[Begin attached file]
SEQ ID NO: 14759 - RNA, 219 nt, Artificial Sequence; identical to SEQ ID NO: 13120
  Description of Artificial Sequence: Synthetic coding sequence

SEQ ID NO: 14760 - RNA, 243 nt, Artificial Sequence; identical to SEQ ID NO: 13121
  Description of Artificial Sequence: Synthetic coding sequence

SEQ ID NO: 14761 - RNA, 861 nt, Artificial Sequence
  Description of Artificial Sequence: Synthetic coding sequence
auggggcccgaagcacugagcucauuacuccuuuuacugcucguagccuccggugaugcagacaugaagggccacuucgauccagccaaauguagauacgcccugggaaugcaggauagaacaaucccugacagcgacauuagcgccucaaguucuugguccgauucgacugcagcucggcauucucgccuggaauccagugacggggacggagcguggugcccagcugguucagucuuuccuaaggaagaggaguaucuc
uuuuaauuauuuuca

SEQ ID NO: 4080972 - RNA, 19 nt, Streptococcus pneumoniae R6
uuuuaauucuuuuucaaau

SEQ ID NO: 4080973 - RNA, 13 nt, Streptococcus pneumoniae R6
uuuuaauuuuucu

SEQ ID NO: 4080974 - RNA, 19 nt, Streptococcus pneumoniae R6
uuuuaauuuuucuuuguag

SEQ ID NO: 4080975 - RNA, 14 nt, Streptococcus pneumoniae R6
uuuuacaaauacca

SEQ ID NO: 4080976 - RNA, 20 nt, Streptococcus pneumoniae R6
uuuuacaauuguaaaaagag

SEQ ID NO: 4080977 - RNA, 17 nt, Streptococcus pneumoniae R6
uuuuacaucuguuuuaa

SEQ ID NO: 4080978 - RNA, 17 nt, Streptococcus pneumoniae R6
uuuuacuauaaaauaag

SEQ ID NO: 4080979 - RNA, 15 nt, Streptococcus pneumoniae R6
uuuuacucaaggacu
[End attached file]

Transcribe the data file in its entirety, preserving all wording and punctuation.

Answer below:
SEQ ID NO: 14759 - RNA, 219 nt, Artificial Sequence; identical to SEQ ID NO: 13120
  Description of Artificial Sequence: Synthetic coding sequence

SEQ ID NO: 14760 - RNA, 243 nt, Artificial Sequence; identical to SEQ ID NO: 13121
  Description of Artificial Sequence: Synthetic coding sequence

SEQ ID NO: 14761 - RNA, 861 nt, Artificial Sequence
  Description of Artificial Sequence: Synthetic coding sequence
auggggcccgaagcacugagcucauuacuccuuuuacugcucguagccuccggugaugcagacaugaagggccacuucgauccagccaaauguagauacgcccugggaaugcaggauagaacaaucccugacagcgacauuagcgccucaaguucuugguccgauucgacugcagcucggcauucucgccuggaauccagugacggggacggagcguggugcccagcugguucagucuuuccuaaggaagaggaguaucuc
uuuuaauuauuuuca

SEQ ID NO: 4080972 - RNA, 19 nt, Streptococcus pneumoniae R6
uuuuaauucuuuuucaaau

SEQ ID NO: 4080973 - RNA, 13 nt, Streptococcus pneumoniae R6
uuuuaauuuuucu

SEQ ID NO: 4080974 - RNA, 19 nt, Streptococcus pneumoniae R6
uuuuaauuuuucuuuguag

SEQ ID NO: 4080975 - RNA, 14 nt, Streptococcus pneumoniae R6
uuuuacaaauacca

SEQ ID NO: 4080976 - RNA, 20 nt, Streptococcus pneumoniae R6
uuuuacaauuguaaaaagag

SEQ ID NO: 4080977 - RNA, 17 nt, Streptococcus pneumoniae R6
uuuuacaucuguuuuaa

SEQ ID NO: 4080978 - RNA, 17 nt, Streptococcus pneumoniae R6
uuuuacuauaaaauaag

SEQ ID NO: 4080979 - RNA, 15 nt, Streptococcus pneumoniae R6
uuuuacucaaggacu